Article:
Sculptures featured in the exhibition included a stack of brightly coloured letters, spelling “peace”, by artist Gemma Tickle; Studio Rude’s decorated panels of wood, which read “lucky to be free, free to be lucky”; and Marcus Walter’s two-handed totem raising up from a rainbow. The sculptures oozed colour, juxtaposed against the white plinths and backdrop, allowing us to explore each totem individually.
The gallery spaces were quirkily curated by ‘They Made This’, with proceeds from the sale of the sculptures being donated to Amnesty International. This colourful and creative exhibition of designers and artists work visually celebrated the core messages of Amnesty International.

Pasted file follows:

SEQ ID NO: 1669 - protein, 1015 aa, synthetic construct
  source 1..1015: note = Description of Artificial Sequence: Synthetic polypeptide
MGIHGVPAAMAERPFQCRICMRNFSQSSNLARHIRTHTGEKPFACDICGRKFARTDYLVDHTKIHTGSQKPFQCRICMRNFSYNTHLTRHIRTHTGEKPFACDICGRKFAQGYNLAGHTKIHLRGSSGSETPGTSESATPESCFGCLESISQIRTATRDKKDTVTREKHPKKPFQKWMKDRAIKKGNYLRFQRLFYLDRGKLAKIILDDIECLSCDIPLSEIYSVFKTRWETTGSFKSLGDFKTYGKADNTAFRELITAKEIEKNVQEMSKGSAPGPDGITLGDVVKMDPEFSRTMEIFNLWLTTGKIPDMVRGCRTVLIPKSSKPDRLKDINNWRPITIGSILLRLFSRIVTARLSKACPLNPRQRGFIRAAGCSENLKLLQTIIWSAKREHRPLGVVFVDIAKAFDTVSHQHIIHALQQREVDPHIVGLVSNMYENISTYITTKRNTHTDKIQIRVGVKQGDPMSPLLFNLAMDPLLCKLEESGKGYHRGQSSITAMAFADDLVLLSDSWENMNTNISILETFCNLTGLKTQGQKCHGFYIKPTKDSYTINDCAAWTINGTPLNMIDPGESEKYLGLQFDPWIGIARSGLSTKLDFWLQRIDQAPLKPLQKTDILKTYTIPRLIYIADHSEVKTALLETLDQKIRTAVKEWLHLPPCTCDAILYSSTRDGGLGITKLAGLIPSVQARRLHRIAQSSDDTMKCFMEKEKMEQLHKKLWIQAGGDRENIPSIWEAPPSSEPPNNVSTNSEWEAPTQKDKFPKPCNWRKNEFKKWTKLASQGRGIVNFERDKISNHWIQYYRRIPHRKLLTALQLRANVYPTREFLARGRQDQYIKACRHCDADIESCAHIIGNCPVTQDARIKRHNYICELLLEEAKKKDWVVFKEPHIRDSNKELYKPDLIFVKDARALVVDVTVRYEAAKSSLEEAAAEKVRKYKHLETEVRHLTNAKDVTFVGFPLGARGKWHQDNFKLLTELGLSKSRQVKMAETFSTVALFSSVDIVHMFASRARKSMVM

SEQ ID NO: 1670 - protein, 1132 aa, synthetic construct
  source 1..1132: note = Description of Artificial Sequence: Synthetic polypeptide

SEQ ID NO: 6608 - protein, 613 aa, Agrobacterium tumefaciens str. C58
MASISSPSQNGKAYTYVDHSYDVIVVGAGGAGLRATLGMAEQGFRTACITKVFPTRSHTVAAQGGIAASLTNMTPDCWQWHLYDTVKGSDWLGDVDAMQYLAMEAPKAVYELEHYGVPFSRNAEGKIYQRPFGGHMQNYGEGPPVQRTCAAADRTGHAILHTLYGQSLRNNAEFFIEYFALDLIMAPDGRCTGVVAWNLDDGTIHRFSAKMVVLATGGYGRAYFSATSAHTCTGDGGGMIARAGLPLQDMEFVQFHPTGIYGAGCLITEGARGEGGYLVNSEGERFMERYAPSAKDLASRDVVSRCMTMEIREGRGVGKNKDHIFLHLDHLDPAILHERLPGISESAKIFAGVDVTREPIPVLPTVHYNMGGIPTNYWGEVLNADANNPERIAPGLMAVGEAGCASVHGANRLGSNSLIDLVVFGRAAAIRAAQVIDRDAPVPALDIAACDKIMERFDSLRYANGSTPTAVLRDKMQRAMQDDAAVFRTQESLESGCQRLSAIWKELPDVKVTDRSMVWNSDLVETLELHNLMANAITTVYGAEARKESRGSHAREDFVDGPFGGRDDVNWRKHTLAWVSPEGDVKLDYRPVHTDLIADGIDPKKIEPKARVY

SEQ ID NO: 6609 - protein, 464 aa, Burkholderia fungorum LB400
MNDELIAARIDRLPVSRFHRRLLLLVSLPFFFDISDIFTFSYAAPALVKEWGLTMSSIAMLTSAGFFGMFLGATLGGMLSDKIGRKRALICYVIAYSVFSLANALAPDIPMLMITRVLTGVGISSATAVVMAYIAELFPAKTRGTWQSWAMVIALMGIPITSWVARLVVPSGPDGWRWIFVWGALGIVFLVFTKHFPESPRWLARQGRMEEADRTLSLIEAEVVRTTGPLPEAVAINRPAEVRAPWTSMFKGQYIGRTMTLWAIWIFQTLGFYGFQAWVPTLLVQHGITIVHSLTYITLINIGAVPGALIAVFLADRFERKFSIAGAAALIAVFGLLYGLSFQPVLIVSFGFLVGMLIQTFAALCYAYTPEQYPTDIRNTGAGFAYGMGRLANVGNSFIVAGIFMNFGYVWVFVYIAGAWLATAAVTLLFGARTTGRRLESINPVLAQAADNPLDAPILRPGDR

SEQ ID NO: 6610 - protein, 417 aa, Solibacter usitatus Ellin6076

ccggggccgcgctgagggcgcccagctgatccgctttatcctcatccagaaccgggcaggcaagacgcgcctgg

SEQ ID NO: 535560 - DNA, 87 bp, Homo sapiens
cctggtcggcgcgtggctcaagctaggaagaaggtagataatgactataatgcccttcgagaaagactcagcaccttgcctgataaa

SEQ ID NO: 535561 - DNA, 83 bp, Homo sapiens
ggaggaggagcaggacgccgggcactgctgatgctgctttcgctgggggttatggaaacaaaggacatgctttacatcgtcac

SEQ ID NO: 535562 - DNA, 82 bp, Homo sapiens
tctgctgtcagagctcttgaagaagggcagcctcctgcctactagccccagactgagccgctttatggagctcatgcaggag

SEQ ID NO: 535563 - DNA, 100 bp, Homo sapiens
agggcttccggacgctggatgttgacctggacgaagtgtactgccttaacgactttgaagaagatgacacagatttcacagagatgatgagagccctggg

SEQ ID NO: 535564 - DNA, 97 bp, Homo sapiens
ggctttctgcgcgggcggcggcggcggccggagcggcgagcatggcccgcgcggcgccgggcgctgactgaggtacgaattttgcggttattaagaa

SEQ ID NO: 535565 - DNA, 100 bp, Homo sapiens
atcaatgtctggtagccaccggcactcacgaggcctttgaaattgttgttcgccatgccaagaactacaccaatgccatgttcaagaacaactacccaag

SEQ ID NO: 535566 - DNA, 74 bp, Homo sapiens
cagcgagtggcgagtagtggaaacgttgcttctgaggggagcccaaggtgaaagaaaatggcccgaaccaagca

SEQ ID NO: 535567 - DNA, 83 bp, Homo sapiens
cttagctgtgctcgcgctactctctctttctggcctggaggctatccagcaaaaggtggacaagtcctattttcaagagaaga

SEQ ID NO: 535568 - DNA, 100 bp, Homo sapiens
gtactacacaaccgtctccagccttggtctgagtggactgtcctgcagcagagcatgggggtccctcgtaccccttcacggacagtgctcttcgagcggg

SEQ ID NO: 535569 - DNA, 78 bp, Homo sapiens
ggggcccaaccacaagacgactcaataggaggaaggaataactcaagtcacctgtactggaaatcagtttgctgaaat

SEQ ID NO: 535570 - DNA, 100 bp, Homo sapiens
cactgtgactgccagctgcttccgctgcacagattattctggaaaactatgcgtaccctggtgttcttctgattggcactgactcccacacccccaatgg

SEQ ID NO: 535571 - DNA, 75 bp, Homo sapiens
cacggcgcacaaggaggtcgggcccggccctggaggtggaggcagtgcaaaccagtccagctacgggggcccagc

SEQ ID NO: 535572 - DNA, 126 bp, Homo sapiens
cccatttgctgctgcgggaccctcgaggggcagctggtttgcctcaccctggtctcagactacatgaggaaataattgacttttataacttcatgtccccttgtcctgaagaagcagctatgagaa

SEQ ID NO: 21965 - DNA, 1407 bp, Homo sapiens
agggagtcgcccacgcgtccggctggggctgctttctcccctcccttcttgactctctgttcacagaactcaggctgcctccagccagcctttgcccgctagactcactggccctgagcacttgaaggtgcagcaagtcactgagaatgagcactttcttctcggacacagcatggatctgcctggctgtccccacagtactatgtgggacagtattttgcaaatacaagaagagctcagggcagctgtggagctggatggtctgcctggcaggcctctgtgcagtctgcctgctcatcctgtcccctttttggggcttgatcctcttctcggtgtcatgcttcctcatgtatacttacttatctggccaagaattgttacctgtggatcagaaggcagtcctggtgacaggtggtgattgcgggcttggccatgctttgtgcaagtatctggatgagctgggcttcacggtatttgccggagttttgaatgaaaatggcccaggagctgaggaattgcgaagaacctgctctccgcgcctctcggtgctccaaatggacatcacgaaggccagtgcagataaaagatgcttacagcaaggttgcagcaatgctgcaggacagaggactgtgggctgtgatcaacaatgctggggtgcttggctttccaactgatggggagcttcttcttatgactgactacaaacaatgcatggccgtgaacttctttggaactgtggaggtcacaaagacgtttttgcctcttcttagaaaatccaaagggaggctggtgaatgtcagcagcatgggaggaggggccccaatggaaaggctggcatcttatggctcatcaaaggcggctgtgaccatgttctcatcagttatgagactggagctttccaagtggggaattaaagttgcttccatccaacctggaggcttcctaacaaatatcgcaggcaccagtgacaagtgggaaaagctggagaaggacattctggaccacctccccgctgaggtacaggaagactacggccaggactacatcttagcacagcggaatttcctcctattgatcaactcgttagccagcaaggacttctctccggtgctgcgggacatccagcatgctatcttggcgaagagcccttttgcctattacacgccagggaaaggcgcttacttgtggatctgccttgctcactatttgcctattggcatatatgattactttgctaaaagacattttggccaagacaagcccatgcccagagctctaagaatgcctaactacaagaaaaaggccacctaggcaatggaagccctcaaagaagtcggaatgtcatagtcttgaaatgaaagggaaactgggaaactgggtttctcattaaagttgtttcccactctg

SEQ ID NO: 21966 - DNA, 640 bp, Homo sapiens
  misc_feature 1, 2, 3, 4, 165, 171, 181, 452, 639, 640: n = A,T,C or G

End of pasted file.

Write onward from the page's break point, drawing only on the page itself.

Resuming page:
For example, some of the designers highlighted their inspiration as deriving from the hope and positivity that Amnesty stands for. Rupert from Studio Rude conveyed how important the statement on their totem was in reflecting the work of Amnesty’s campaign, helping to fight abuses of human rights worldwide, and viewing his totem reminded us of our rights to be free movers and thinkers.